The fate of the Confederate monument in Mathews will be placed in the hands of county voters.
By a 5-0 vote Wednesday night, the Mathews County Board of Supervisors decided it will petition the circuit court to have the matter placed on the November 2021 ballot.
Details of exactly what voters will be asked to consider—such as where the monument would be moved to (if it is moved), the associated costs, whether there should be a plaque or marker to contextualize the current monument—have yet to be worked out.
During board discussion, Mathews County Attorney Andrea Erard said that supervisors have plenty of time to prepare the language for next year’s ballot and suggested holding a work session at some point to come up with the details.
The decision followed an at-times contentious public hearing with impassioned pleas by residents, both for and against removing the monument.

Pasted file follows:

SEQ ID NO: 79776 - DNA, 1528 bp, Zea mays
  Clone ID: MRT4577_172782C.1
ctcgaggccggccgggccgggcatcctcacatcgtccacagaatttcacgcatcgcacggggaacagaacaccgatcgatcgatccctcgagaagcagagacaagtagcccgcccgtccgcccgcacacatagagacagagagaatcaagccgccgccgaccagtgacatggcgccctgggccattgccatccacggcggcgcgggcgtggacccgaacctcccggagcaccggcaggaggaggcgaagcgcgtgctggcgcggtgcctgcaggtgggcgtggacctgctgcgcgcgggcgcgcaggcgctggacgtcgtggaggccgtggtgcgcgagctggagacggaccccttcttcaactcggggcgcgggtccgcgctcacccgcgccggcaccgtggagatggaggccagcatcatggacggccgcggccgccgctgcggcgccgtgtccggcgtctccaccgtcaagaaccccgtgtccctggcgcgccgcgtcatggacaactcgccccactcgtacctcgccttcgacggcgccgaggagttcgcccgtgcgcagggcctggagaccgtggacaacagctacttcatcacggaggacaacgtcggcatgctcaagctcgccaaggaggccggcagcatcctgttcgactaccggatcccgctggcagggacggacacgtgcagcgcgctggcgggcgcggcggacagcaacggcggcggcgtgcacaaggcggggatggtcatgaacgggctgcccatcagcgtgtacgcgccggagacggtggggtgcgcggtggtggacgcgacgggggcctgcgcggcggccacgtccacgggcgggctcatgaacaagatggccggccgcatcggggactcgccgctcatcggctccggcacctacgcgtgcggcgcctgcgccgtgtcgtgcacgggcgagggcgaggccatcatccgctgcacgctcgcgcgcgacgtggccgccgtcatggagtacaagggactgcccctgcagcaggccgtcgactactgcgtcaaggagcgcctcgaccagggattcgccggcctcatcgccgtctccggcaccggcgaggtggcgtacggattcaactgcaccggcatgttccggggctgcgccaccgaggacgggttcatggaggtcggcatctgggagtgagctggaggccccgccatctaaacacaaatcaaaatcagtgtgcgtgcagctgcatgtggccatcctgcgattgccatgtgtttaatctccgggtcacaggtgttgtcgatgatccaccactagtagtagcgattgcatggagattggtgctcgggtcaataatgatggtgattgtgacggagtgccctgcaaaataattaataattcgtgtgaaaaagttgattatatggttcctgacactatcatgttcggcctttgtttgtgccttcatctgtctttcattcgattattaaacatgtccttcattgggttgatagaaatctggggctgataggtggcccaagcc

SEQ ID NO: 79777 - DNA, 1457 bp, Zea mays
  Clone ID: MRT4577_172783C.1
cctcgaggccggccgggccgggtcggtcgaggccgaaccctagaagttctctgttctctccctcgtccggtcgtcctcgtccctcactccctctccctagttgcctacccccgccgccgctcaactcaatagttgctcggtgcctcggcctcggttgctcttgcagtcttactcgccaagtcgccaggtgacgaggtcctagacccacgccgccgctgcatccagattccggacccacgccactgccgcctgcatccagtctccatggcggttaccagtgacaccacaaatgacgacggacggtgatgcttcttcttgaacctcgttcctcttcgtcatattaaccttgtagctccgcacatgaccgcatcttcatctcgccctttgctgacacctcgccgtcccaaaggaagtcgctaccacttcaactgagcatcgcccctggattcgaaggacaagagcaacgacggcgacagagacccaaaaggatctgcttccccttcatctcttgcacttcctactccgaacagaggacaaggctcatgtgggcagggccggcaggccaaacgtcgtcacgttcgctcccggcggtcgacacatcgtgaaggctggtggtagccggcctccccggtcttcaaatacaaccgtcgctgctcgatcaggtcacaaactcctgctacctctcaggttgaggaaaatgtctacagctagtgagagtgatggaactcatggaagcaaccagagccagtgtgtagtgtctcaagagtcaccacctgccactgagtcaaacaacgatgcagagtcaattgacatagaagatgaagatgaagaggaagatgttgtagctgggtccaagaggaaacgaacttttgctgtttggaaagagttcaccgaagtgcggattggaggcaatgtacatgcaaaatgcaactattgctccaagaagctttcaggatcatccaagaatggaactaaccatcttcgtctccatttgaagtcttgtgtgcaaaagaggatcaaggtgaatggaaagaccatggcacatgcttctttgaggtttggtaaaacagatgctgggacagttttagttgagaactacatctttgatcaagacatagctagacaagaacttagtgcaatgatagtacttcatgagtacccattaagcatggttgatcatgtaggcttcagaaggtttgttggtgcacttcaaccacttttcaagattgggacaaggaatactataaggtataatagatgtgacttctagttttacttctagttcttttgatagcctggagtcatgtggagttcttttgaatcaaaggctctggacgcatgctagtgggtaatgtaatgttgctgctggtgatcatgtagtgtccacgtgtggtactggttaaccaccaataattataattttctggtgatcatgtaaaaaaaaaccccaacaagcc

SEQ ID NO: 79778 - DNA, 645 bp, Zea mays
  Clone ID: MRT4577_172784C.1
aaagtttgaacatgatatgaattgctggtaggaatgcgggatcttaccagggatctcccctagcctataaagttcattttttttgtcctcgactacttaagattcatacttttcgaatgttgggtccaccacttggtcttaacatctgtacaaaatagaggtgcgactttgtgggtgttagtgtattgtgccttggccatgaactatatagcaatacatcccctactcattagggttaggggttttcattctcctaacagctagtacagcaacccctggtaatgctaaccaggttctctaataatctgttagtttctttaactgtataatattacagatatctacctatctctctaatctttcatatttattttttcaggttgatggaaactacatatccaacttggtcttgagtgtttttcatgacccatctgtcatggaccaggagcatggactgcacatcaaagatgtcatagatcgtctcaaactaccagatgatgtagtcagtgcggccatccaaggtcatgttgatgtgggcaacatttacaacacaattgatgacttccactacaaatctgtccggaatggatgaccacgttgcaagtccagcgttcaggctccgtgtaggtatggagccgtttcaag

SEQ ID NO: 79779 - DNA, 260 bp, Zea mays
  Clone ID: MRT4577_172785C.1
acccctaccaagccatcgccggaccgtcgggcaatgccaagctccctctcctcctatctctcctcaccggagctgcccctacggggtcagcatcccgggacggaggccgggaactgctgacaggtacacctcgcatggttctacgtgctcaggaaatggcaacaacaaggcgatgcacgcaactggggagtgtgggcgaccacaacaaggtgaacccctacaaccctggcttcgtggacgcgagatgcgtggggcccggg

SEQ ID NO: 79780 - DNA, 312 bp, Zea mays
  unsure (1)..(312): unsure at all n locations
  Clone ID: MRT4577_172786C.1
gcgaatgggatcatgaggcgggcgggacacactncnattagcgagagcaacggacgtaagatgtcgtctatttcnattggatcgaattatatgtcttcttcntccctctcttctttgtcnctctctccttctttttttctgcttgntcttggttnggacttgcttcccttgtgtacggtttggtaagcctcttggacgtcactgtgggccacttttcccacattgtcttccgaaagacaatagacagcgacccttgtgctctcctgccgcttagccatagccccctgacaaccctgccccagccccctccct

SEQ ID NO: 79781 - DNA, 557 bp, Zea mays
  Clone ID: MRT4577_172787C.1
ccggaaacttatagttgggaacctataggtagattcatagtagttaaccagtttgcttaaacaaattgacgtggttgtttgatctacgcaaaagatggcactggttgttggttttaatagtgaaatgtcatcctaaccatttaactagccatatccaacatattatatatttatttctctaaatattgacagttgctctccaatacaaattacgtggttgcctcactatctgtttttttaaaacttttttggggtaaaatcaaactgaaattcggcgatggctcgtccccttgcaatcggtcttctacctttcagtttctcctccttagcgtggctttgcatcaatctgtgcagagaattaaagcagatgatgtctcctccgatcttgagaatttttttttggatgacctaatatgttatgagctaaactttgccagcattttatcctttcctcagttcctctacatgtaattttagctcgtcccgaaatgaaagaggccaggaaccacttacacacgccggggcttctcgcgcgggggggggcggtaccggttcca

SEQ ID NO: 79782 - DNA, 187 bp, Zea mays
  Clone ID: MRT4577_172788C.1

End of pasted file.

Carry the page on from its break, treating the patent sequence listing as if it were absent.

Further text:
Supporters of keeping the monument where it is view it as a war memorial and tribute to the county’s dead soldiers and sailors, often the only such marker for men whose unmarked graves can be found in Gettysburg, Petersburg and other battlefields. Those in favor of its removal see it as a painful reminder of slavery and Jim Crow discrimination and its placement in front of the historic courthouse a message that the county’s Black residents are considered second-class citizens.
For over an hour and a half, the two sides wrangled over the issue, as the board alternated between in-person speakers and Erard reading from written comments submitted prior to the meeting. Speakers received boos, cheers and catcalls from the audience, in spite of efforts by chairman Amy Dubois to keep order.
Be sure to read more about Wednesday’s meeting in next week’s issue of the Gloucester-Mathews Gazette-Journal.